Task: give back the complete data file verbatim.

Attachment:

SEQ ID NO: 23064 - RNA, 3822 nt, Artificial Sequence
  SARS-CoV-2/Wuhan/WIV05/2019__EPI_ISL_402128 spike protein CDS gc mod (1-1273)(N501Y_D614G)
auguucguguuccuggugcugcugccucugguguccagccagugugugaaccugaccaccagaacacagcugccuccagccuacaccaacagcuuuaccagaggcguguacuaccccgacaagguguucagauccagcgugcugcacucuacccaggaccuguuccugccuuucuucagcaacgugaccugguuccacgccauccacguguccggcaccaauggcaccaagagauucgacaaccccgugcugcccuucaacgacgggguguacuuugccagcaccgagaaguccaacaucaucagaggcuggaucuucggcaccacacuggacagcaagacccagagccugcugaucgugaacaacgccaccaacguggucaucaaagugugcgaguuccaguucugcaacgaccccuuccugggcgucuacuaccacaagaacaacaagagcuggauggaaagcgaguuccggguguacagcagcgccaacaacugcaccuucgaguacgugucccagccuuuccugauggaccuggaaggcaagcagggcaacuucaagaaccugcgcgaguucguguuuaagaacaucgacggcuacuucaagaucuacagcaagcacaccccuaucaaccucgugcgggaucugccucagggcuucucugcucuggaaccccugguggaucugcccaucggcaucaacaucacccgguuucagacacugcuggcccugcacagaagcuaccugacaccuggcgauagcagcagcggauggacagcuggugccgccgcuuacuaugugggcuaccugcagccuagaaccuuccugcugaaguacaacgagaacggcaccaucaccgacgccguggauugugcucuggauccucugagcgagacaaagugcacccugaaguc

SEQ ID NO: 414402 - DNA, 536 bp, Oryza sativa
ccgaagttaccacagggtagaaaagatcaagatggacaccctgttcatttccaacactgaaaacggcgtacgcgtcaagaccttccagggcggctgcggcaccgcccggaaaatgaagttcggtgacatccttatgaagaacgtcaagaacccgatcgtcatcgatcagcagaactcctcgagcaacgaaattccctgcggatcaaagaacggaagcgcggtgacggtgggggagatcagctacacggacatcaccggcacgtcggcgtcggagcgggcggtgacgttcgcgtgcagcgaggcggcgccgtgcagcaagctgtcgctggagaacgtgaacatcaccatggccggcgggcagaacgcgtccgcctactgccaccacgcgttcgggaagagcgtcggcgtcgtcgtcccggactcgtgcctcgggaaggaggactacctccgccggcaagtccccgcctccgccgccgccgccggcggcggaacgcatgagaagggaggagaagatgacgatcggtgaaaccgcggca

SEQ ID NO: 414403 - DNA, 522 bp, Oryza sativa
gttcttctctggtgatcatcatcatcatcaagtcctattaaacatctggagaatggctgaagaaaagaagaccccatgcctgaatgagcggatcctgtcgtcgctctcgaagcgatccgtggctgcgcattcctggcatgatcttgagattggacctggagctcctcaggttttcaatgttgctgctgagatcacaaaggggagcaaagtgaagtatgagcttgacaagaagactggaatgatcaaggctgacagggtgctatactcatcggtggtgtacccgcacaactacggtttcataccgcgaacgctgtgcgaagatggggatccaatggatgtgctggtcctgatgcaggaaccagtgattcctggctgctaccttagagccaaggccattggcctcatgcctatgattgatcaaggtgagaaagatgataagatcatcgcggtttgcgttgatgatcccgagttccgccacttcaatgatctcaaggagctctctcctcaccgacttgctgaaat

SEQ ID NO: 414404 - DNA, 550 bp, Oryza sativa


SEQ ID NO: 23064 - RNA, 3822 nt, Artificial Sequence
  SARS-CoV-2/Wuhan/WIV05/2019__EPI_ISL_402128 spike protein CDS gc mod (1-1273)(N501Y_D614G)
auguucguguuccuggugcugcugccucugguguccagccagugugugaaccugaccaccagaacacagcugccuccagccuacaccaacagcuuuaccagaggcguguacuaccccgacaagguguucagauccagcgugcugcacucuacccaggaccuguuccugccuuucuucagcaacgugaccugguuccacgccauccacguguccggcaccaauggcaccaagagauucgacaaccccgugcugcccuucaacgacgggguguacuuugccagcaccgagaaguccaacaucaucagaggcuggaucuucggcaccacacuggacagcaagacccagagccugcugaucgugaacaacgccaccaacguggucaucaaagugugcgaguuccaguucugcaacgaccccuuccugggcgucuacuaccacaagaacaacaagagcuggauggaaagcgaguuccggguguacagcagcgccaacaacugcaccuucgaguacgugucccagccuuuccugauggaccuggaaggcaagcagggcaacuucaagaaccugcgcgaguucguguuuaagaacaucgacggcuacuucaagaucuacagcaagcacaccccuaucaaccucgugcgggaucugccucagggcuucucugcucuggaaccccugguggaucugcccaucggcaucaacaucacccgguuucagacacugcuggcccugcacagaagcuaccugacaccuggcgauagcagcagcggauggacagcuggugccgccgcuuacuaugugggcuaccugcagccuagaaccuuccugcugaaguacaacgagaacggcaccaucaccgacgccguggauugugcucuggauccucugagcgagacaaagugcacccugaaguc

SEQ ID NO: 414402 - DNA, 536 bp, Oryza sativa
ccgaagttaccacagggtagaaaagatcaagatggacaccctgttcatttccaacactgaaaacggcgtacgcgtcaagaccttccagggcggctgcggcaccgcccggaaaatgaagttcggtgacatccttatgaagaacgtcaagaacccgatcgtcatcgatcagcagaactcctcgagcaacgaaattccctgcggatcaaagaacggaagcgcggtgacggtgggggagatcagctacacggacatcaccggcacgtcggcgtcggagcgggcggtgacgttcgcgtgcagcgaggcggcgccgtgcagcaagctgtcgctggagaacgtgaacatcaccatggccggcgggcagaacgcgtccgcctactgccaccacgcgttcgggaagagcgtcggcgtcgtcgtcccggactcgtgcctcgggaaggaggactacctccgccggcaagtccccgcctccgccgccgccgccggcggcggaacgcatgagaagggaggagaagatgacgatcggtgaaaccgcggca

SEQ ID NO: 414403 - DNA, 522 bp, Oryza sativa
gttcttctctggtgatcatcatcatcatcaagtcctattaaacatctggagaatggctgaagaaaagaagaccccatgcctgaatgagcggatcctgtcgtcgctctcgaagcgatccgtggctgcgcattcctggcatgatcttgagattggacctggagctcctcaggttttcaatgttgctgctgagatcacaaaggggagcaaagtgaagtatgagcttgacaagaagactggaatgatcaaggctgacagggtgctatactcatcggtggtgtacccgcacaactacggtttcataccgcgaacgctgtgcgaagatggggatccaatggatgtgctggtcctgatgcaggaaccagtgattcctggctgctaccttagagccaaggccattggcctcatgcctatgattgatcaaggtgagaaagatgataagatcatcgcggtttgcgttgatgatcccgagttccgccacttcaatgatctcaaggagctctctcctcaccgacttgctgaaat

SEQ ID NO: 414404 - DNA, 550 bp, Oryza sativa